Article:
You may suspect that no two divorces are the same. What you may not realize, though, is how much spouses’ income affects the health of their marriage and dictates how things unfold when it comes to an end.
Spouses of any means may feel the need to hide assets to protect what they believe is rightfully theirs when they divorce. A study from a few years ago by CreditCards.com revealed that at least 12 million Americans had either credit cards or bank accounts their partner was unaware of.
Does your lack of knowledge about your spouse’s financial situation make it more likely that they’re hiding assets from you than not?
What is financial infidelity?
Financial infidelity involves a husband or wife hiding assets to include money and valuable possessions, from their spouse. Researchers working on another study discovered that nearly half of Americans have engaged in financial infidelity at some point in their lives.
One common way they do this is by not keeping their partner in the loop about how much they earn at their job. The researchers discovered that at least 50% of spouses they polled didn’t know how much their spouse made within $25,000 of the amount.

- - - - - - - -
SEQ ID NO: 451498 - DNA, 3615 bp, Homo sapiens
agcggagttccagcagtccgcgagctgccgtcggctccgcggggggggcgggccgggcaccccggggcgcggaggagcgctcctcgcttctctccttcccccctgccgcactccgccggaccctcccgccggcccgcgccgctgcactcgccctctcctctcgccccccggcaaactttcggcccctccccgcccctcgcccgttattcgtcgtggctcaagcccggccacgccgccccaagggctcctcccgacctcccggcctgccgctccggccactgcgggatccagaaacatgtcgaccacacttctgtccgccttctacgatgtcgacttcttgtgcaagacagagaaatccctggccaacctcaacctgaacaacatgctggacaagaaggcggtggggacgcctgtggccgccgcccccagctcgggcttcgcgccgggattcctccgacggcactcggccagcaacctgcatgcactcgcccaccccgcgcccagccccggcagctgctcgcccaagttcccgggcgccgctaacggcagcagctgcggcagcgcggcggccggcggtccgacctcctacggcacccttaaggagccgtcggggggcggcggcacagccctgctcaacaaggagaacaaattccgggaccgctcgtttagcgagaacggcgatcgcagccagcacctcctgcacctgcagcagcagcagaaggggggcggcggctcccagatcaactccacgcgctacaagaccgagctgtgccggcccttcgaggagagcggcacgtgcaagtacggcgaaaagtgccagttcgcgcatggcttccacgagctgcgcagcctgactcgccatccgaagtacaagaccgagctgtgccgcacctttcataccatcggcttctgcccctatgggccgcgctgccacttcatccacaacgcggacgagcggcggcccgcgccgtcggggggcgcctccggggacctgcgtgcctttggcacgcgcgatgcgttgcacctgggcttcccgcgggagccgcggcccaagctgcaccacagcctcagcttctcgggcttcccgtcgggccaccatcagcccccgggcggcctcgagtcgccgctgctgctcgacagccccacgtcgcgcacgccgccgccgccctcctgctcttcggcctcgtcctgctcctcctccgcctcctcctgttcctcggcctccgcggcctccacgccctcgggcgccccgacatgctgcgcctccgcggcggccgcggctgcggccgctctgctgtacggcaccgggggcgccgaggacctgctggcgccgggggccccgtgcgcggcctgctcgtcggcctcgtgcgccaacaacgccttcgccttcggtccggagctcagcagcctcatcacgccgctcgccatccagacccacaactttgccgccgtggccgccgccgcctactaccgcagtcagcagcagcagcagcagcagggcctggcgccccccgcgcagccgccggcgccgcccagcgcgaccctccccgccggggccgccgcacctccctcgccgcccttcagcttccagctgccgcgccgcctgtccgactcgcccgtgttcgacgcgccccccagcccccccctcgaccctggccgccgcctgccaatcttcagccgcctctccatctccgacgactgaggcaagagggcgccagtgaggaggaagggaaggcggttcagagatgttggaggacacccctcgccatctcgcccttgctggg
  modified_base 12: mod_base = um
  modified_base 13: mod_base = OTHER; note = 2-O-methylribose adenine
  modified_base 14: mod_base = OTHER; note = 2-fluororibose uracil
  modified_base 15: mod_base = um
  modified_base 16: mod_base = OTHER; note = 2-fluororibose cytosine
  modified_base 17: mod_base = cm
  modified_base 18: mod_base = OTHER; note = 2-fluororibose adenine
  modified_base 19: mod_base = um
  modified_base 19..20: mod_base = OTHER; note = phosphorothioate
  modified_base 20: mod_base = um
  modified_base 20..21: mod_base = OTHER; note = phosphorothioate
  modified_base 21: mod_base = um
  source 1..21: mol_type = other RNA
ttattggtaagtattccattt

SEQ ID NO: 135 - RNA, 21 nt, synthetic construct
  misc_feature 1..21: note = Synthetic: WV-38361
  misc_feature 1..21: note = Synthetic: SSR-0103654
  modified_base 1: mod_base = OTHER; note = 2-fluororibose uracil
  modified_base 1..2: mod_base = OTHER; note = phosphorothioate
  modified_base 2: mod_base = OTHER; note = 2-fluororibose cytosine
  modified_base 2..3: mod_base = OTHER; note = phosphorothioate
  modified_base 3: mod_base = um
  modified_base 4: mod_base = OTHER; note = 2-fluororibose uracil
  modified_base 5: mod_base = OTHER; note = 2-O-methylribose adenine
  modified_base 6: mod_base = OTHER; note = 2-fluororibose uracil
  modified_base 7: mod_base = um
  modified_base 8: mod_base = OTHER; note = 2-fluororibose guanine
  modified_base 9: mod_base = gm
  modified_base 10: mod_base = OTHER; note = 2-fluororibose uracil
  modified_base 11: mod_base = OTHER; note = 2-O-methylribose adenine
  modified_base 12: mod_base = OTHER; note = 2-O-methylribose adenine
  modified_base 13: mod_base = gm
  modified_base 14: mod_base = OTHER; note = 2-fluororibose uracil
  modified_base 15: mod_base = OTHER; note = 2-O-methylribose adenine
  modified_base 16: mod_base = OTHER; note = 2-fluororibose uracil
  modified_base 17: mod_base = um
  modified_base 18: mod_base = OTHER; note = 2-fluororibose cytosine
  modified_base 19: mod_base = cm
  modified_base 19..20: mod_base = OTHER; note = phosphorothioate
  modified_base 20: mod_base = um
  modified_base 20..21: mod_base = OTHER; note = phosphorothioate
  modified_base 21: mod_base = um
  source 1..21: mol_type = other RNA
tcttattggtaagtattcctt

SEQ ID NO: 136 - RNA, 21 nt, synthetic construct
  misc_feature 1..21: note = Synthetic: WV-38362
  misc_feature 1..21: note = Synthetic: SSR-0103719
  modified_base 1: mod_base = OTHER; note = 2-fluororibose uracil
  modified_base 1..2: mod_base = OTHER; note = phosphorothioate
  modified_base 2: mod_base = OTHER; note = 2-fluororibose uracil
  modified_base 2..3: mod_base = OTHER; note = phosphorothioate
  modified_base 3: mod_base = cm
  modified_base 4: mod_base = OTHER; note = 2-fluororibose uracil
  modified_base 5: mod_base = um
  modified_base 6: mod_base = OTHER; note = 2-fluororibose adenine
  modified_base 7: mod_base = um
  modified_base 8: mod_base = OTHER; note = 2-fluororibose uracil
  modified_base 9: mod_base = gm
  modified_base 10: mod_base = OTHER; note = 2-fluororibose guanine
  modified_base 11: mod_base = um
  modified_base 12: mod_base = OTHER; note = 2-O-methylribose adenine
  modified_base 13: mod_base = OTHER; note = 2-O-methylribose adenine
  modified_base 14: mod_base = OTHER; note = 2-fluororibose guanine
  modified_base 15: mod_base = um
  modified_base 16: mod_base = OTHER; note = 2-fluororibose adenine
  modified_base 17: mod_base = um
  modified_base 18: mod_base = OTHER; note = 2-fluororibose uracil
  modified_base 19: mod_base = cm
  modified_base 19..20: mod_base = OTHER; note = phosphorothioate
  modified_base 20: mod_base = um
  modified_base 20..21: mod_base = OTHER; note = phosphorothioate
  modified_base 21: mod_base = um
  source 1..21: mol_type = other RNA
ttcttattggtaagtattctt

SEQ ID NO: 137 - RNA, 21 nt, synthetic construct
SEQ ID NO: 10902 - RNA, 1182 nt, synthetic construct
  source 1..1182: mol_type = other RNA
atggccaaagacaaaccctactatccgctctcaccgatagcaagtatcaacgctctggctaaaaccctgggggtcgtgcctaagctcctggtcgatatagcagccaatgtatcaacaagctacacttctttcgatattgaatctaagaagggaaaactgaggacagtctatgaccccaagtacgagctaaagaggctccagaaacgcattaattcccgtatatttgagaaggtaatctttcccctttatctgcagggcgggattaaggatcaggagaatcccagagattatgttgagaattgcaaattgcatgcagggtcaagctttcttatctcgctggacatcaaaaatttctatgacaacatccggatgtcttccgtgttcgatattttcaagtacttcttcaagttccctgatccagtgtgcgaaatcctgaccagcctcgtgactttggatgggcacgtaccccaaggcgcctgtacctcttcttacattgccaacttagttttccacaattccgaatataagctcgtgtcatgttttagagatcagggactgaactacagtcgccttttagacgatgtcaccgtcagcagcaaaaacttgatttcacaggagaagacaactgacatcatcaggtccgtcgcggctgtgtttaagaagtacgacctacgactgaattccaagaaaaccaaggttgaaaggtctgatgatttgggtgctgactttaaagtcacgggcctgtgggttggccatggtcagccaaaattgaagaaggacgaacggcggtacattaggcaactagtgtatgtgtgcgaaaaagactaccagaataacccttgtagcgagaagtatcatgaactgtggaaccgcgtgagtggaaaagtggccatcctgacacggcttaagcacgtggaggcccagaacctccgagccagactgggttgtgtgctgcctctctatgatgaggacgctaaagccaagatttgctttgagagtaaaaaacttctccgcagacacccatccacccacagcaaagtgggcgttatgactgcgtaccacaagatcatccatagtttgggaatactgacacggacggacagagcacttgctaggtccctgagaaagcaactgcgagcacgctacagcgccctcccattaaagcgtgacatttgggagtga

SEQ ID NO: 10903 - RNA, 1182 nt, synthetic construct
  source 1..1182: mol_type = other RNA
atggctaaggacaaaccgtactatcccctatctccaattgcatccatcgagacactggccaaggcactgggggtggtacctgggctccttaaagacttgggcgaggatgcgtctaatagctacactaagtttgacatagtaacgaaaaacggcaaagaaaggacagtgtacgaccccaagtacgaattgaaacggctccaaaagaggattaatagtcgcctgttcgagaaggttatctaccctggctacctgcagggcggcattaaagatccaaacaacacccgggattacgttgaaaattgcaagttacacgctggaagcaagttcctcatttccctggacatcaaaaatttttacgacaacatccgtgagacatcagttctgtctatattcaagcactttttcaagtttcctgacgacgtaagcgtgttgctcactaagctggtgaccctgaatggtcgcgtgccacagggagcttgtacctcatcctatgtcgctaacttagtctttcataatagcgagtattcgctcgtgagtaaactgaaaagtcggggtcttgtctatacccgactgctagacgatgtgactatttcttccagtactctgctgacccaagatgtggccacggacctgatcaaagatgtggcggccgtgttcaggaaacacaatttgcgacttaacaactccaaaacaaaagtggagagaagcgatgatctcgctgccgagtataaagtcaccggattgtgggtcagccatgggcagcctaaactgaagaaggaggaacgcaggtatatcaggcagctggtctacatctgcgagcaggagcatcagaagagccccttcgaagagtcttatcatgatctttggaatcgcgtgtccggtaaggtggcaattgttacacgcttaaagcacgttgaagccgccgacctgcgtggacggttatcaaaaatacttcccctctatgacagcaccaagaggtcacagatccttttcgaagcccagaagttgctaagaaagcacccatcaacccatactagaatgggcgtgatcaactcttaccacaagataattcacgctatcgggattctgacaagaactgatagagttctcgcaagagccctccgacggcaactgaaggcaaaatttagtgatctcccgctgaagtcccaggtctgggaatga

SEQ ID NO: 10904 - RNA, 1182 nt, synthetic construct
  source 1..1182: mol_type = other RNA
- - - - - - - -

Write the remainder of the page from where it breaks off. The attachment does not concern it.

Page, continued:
Determining if your spouse has been financially dishonest
One of the first steps that you’ll want to take if you sense that divorce is on the horizon is to try to document any known assets your spouse may have. This may include:
- A second home, land or investment properties
- Income from their job or business
- Retirement plans
- Financial investment portfolios
Rounding up some documentation can be helpful. This should include recent tax returns and financial statements from banks, investment firms and credit card companies. Having this information on hand and understanding what it means are key to getting your fair share in future property division and spousal maintenance discussions.